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4 April 2019, 10:42 | Updated: 4 April 2019, 10:54
The legendary South African jazz trumpeter died last year at the age of 78. Now, Google is remembering him on what would have been his 80th birthday.
Today’s Google Doodle celebrates the legendary jazz musician Hugh Masekela, who was known as the “father of South African jazz”.
He was a prolific trumpeter, singer and composer, and became famous around the world for his iconic Afro-Jazz sound.
His music, which reflected the conflict and exploitation South Africa faced in the 20th century, would become central to the anti-apartheid movement.
“My biggest obsession is to show Africans and the world who the people of Africa really are,” Masekela once said. The quote features prominently in a blog post about the Google Doodle.
Born on 4 April 1939 in Witbank, South Africa, Masekela got his first horn aged 14. He went on to play with the group the Jazz Epistles – the first all-black jazz band to record an album in South African history.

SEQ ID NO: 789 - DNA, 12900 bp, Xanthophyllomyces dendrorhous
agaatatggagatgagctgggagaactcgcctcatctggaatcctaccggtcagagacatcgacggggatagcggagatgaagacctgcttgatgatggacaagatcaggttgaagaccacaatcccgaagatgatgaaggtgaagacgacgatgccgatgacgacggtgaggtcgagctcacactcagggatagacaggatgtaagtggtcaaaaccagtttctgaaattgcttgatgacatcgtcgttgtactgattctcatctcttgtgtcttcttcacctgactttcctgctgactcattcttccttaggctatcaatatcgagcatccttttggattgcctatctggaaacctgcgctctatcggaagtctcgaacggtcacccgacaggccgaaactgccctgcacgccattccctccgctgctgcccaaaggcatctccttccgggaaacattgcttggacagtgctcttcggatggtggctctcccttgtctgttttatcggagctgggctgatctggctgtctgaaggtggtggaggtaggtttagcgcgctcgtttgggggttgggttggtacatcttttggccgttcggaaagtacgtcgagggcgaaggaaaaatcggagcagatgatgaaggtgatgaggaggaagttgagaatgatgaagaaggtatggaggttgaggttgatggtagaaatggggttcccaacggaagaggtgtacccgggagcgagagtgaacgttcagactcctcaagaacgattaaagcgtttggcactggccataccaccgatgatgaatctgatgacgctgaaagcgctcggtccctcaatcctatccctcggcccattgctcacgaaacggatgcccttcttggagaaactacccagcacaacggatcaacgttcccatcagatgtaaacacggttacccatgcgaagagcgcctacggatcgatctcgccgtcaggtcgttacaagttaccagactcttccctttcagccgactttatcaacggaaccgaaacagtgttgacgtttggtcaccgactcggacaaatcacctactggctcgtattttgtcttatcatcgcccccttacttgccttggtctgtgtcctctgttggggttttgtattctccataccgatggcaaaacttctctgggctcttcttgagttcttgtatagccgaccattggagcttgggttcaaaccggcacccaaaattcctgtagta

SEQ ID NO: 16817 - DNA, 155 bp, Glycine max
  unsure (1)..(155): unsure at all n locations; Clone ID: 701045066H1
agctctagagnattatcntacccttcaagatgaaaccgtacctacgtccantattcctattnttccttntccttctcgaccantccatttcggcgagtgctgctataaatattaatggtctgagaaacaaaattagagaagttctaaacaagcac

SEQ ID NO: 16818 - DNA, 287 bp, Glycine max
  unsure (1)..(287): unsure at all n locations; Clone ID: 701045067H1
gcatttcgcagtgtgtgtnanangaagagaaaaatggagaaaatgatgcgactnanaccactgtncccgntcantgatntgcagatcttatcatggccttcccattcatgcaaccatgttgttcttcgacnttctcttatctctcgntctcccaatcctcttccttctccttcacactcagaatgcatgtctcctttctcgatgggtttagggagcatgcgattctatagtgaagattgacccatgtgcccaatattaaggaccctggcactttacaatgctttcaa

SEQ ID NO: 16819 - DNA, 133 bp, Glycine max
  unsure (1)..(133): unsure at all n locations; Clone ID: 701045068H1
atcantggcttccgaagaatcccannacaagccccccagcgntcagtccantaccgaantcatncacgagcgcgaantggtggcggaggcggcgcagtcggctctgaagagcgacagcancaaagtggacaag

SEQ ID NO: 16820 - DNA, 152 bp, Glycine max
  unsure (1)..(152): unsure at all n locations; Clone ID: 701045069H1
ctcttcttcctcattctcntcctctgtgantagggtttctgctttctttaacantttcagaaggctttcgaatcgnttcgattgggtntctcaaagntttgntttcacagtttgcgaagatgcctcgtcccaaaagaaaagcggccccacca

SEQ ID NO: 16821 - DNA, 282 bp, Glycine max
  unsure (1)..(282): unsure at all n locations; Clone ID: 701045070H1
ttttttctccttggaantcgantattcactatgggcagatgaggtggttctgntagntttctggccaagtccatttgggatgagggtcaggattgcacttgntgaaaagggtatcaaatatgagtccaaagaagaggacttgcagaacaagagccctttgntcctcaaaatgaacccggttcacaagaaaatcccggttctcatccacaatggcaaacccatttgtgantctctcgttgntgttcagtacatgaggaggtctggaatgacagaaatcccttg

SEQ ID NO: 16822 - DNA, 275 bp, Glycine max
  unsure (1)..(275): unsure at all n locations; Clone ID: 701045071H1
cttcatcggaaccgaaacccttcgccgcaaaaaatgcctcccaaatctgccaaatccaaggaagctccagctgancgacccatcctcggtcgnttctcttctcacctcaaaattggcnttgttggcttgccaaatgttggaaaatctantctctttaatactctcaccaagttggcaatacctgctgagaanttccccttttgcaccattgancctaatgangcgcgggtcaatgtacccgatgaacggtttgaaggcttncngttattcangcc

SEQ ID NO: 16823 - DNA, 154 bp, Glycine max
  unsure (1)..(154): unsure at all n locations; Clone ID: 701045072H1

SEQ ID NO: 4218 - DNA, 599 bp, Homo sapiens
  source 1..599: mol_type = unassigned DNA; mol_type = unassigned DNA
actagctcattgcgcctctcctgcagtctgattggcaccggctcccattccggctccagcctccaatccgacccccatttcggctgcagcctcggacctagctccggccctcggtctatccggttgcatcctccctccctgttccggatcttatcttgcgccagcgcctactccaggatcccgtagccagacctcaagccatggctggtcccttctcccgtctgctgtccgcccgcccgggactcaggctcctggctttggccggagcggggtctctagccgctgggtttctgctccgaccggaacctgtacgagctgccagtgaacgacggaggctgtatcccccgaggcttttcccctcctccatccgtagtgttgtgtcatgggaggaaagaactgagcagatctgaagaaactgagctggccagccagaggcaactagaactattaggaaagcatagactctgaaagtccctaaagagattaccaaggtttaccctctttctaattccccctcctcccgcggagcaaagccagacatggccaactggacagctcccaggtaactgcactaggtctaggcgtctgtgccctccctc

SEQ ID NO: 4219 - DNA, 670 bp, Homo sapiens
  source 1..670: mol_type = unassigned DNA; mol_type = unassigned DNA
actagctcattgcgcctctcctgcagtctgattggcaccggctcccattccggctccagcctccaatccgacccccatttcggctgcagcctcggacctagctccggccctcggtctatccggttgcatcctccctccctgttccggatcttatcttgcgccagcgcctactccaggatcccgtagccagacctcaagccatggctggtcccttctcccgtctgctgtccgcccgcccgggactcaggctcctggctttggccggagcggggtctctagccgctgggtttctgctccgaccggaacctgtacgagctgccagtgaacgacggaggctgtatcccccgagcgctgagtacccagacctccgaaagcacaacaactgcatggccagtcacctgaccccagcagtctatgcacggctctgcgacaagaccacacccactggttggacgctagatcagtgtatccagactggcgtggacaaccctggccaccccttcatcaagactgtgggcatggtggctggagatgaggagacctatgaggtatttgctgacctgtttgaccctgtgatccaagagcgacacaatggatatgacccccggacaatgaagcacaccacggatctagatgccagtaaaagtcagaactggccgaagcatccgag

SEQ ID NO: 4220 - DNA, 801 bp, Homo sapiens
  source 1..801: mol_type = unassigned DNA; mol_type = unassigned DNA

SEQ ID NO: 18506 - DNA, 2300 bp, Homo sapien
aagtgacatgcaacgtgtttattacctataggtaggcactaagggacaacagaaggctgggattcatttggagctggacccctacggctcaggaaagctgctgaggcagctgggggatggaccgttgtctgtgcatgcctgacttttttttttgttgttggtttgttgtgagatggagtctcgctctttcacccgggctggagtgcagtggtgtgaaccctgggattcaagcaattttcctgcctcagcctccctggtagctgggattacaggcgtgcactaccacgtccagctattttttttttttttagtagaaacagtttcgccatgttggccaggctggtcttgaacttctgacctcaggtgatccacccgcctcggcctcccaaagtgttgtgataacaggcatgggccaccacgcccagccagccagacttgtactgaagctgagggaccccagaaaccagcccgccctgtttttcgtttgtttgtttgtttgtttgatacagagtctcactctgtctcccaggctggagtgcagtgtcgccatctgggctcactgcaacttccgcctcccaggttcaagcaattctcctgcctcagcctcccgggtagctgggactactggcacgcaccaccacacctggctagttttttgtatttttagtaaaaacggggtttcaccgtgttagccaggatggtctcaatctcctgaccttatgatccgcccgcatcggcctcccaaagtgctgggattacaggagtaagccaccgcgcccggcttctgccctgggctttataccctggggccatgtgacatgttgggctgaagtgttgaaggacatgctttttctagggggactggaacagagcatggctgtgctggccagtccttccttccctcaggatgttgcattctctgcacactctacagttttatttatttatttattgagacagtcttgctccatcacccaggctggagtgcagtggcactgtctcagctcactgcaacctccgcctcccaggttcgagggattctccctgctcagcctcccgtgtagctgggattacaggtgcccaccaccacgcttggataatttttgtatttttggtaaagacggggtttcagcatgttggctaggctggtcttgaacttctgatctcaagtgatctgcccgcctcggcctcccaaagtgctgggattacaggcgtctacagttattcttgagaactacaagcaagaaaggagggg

However, Masekala and his bandmates would soon be forced out of the country by the apartheid government. The trumpeter travelled to New York and got heavily involved in the city’s jazz scene, meeting legends like Miles Davis and John Coltrane.
Mixing jazz with the sounds of his country, Masekala released his debut album in 1963, Trumpet Africaine. His 1968 single ‘Grazing in the Grass’ reached No. 1 in the US pop charts.
Masekela once said: “I’ve got to where I am in life not because of something I brought to the world but through something I found – the wealth of African culture.”
His song ‘Soweto Blues’ was written in honour of the Soweto uprising on 16 June 1976, which saw thousands of school children lead a series of demonstrations and protests.
And when Nelson Mandela was released from prison in 1990 and elected South Africa’s first black president, Masekela’s song ‘Bring Him Home (Nelson Mandela)’ was the soundtrack.
Masekala died in Johannesburg on 23 January 2018, after suffering from prostate cancer for many years.